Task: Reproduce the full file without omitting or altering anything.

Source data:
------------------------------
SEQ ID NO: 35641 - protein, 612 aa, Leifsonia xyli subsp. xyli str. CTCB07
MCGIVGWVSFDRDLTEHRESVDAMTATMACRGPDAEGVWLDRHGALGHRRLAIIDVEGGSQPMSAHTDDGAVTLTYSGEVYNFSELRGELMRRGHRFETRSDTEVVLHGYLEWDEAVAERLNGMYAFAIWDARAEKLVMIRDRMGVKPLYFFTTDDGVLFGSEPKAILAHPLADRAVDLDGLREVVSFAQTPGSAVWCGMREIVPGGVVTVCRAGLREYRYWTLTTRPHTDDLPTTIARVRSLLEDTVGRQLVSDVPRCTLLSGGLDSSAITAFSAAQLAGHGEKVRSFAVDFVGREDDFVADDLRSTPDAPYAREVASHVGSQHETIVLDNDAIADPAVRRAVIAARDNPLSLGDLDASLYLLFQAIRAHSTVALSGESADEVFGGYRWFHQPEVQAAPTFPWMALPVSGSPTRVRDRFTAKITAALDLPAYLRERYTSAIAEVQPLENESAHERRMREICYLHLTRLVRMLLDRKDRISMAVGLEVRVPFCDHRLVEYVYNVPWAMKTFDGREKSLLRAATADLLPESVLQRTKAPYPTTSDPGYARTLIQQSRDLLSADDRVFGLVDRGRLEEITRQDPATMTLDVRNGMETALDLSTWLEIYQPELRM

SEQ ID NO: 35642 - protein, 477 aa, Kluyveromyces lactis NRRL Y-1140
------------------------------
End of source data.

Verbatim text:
SEQ ID NO: 35641 - protein, 612 aa, Leifsonia xyli subsp. xyli str. CTCB07
MCGIVGWVSFDRDLTEHRESVDAMTATMACRGPDAEGVWLDRHGALGHRRLAIIDVEGGSQPMSAHTDDGAVTLTYSGEVYNFSELRGELMRRGHRFETRSDTEVVLHGYLEWDEAVAERLNGMYAFAIWDARAEKLVMIRDRMGVKPLYFFTTDDGVLFGSEPKAILAHPLADRAVDLDGLREVVSFAQTPGSAVWCGMREIVPGGVVTVCRAGLREYRYWTLTTRPHTDDLPTTIARVRSLLEDTVGRQLVSDVPRCTLLSGGLDSSAITAFSAAQLAGHGEKVRSFAVDFVGREDDFVADDLRSTPDAPYAREVASHVGSQHETIVLDNDAIADPAVRRAVIAARDNPLSLGDLDASLYLLFQAIRAHSTVALSGESADEVFGGYRWFHQPEVQAAPTFPWMALPVSGSPTRVRDRFTAKITAALDLPAYLRERYTSAIAEVQPLENESAHERRMREICYLHLTRLVRMLLDRKDRISMAVGLEVRVPFCDHRLVEYVYNVPWAMKTFDGREKSLLRAATADLLPESVLQRTKAPYPTTSDPGYARTLIQQSRDLLSADDRVFGLVDRGRLEEITRQDPATMTLDVRNGMETALDLSTWLEIYQPELRM

SEQ ID NO: 35642 - protein, 477 aa, Kluyveromyces lactis NRRL Y-1140